WhenI was asked me to write an article for the church newsletter about my painting hobby, I wondered what the best approach would be. Then the thought hit me that this hobby has led to many adventures. When I bought that first little box of oil paints so many years ago, I had no idea where the Lord was leading with that and how much enjoyment would come from it. It was always a thrill seeing what putting the paint on the canvas looked like, how adding a touch of another color would change the whole effect.
As time went by, I found I liked acrylics, too. Then I went to watercolors and pastels. Along the way I took advantage of a few different classes. One I enjoyed was given by a local artist who gave lessons in oil painting and pastels. The class excursion one of the days included painting buildings on a nearby abandoned farm.
Enjoyable was a watercolor class a friend and I went to in northern Minnesota given by a well-known watercolor artist, Ed Whitney. There we met another watercolorist and arranged for her to give a two-day watercolor workshop in our town to anyone interested.
Another interesting project. A friend read poetry while I did a painting with pastels. We gave the program several times for groups. Seeing the interest in the students when I demonstrated oil painting at the local Christian school one year, was rewarding. On the scene painting with friends through the years has also been enjoyed.
Some of the paintings were displayed in several area places and were hung for a time when our local vacant school had a Gallery. A few times some paintings were entered in various fairs. Quite a few were sold.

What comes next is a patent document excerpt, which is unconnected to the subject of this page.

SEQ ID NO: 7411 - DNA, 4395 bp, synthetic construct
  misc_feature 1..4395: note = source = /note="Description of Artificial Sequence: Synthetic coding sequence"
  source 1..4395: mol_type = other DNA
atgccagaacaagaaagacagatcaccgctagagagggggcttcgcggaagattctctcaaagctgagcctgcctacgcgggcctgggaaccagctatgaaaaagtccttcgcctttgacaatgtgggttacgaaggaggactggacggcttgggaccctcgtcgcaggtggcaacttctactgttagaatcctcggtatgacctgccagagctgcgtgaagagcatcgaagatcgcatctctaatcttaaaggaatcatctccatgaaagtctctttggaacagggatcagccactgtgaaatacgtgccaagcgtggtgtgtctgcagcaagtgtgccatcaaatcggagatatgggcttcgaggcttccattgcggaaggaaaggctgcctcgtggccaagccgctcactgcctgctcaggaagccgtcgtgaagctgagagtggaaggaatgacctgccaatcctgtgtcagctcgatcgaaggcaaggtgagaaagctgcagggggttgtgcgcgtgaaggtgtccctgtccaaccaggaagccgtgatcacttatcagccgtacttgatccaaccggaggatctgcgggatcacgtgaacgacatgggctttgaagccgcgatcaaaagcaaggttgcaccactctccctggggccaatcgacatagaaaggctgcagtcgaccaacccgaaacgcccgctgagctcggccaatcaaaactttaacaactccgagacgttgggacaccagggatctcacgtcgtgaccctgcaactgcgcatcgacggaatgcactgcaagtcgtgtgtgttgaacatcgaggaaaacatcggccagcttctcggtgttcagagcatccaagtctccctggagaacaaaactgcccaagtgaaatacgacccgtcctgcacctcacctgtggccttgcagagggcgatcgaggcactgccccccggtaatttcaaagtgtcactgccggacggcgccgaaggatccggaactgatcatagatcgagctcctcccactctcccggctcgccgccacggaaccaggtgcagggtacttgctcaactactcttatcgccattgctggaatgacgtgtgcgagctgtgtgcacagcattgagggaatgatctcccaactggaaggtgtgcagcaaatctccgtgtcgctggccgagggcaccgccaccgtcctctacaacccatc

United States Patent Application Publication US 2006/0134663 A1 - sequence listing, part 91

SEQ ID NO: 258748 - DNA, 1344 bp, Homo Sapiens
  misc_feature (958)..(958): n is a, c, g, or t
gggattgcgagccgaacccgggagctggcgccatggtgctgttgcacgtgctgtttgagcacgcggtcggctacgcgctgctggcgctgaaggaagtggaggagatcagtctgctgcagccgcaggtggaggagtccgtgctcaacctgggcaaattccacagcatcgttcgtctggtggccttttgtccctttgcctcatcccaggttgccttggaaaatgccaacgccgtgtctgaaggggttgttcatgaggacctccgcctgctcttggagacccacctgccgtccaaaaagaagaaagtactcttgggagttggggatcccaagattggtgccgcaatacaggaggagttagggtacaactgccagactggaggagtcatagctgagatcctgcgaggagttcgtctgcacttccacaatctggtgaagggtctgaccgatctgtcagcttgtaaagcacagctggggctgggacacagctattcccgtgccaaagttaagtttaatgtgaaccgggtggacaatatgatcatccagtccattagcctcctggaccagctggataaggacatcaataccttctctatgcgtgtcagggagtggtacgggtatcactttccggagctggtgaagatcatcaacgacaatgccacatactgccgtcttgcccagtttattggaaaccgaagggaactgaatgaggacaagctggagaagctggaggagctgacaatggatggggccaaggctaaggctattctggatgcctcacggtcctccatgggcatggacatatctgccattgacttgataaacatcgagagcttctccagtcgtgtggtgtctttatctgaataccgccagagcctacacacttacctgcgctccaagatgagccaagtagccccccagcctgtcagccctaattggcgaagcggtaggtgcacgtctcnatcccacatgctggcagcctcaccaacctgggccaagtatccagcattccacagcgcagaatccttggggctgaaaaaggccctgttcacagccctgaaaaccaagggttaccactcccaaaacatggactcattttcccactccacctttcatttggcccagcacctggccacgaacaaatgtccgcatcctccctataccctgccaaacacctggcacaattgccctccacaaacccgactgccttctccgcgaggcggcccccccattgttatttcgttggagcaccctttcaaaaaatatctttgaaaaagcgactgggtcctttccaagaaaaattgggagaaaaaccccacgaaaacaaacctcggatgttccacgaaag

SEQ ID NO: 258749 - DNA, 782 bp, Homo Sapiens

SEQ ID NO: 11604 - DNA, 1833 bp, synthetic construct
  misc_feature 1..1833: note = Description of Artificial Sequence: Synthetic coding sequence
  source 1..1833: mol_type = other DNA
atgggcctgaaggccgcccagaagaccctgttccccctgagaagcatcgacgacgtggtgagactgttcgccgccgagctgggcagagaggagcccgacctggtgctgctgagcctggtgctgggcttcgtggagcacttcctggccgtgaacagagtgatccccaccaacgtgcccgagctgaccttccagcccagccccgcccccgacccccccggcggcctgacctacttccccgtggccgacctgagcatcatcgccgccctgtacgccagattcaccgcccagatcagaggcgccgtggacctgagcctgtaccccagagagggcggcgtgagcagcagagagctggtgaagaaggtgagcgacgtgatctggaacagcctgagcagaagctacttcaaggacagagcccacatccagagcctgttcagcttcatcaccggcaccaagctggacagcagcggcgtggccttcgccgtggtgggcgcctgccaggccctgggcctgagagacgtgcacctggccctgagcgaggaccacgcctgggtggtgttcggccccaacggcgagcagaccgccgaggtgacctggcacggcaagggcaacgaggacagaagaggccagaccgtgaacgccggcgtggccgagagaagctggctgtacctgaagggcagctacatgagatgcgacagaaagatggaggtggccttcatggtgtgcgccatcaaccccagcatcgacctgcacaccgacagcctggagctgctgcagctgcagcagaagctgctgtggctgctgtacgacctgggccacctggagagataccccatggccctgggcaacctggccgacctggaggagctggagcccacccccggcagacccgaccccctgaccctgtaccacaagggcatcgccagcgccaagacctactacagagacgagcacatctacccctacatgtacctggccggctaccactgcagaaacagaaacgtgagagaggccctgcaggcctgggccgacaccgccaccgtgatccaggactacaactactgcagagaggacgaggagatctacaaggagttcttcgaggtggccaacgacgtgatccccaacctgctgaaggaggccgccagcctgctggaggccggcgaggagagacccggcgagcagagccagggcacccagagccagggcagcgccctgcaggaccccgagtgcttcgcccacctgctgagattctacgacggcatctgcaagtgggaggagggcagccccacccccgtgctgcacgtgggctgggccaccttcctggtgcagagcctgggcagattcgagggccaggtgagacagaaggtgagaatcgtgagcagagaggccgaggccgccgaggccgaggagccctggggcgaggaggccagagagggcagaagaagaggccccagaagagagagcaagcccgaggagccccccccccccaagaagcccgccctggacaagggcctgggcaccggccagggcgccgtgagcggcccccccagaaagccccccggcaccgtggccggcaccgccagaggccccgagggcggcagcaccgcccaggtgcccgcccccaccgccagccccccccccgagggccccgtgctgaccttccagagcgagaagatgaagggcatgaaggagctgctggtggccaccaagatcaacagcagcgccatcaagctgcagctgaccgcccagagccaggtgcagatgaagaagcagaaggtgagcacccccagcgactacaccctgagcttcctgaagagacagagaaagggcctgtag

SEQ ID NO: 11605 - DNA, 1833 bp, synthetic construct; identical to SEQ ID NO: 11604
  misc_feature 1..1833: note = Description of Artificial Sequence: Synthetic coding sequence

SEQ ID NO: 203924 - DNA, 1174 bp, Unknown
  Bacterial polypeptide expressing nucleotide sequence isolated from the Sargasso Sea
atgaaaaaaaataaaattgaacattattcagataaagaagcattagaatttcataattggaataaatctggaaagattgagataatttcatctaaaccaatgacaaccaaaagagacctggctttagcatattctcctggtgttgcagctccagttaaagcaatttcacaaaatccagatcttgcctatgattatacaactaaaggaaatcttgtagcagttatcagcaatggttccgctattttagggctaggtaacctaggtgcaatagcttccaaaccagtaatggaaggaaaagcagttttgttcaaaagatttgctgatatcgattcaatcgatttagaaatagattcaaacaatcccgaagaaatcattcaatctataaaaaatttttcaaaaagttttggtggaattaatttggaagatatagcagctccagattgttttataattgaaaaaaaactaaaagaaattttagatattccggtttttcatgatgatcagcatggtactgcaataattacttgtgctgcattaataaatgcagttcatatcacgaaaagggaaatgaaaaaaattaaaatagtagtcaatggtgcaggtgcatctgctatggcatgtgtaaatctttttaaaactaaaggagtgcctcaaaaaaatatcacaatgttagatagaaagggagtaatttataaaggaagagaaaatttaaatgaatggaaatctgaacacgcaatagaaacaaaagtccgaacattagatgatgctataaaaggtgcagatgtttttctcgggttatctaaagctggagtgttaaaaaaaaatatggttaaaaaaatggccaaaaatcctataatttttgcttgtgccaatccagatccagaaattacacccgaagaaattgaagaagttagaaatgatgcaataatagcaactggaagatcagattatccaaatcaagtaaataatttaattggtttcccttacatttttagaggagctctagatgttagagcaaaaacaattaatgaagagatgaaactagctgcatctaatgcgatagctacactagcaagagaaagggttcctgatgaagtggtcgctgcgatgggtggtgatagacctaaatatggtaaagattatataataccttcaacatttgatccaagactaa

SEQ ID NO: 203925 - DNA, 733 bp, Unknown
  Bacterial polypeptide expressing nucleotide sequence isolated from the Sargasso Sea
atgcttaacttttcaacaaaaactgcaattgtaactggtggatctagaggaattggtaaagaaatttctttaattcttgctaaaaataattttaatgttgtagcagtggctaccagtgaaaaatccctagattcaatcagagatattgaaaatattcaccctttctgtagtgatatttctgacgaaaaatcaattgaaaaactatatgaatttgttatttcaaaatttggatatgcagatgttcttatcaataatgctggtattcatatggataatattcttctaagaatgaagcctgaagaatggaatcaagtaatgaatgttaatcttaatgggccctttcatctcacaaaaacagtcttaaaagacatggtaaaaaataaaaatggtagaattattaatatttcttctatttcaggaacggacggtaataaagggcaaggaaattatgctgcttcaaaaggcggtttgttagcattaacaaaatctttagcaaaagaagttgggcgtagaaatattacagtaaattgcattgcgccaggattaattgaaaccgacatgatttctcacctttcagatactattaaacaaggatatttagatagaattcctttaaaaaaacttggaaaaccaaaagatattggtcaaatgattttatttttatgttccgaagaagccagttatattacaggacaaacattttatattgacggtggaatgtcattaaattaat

Then there were the murals. That all began when two of us mothers of students at that time began painting scenery for Proms and Homecomings. We did a total of five Proms and two Homecomings between 1980 and 1984, usually on pieces of cardboard eight feet tall and of various widths.
Stemming from that there was the request to paint murals in the Steamboat Rock school. Two others helped with that project. We painted smaller ones in the hallways, but two covered the two walls of the study hall. On one wall was the large rock formation along the Iowa River for which the town was named. The other wall was Tower Rock, the tall rock formation near the River, too. That was in 1983, and in 1984 we painted another postcard scene of the town’s old flour mill on the City Hall wall. All these murals are still there today.
Finally, all this culminated in being asked to paint a large mural on big cardboard pieces for Kiwanis of Eldora and that was 40 feet long.
Personal murals were one for my sister in St. Paul and two in my house
Sometime during these years I decided to do an oil painting of our two churches. I wasn’t satisfied with the painting of the new church so that was never finished. I decided now is the time to get the painting of our former church out of the closet and give it to the church.
It has been a long traveled road that brought much reward and enjoyment.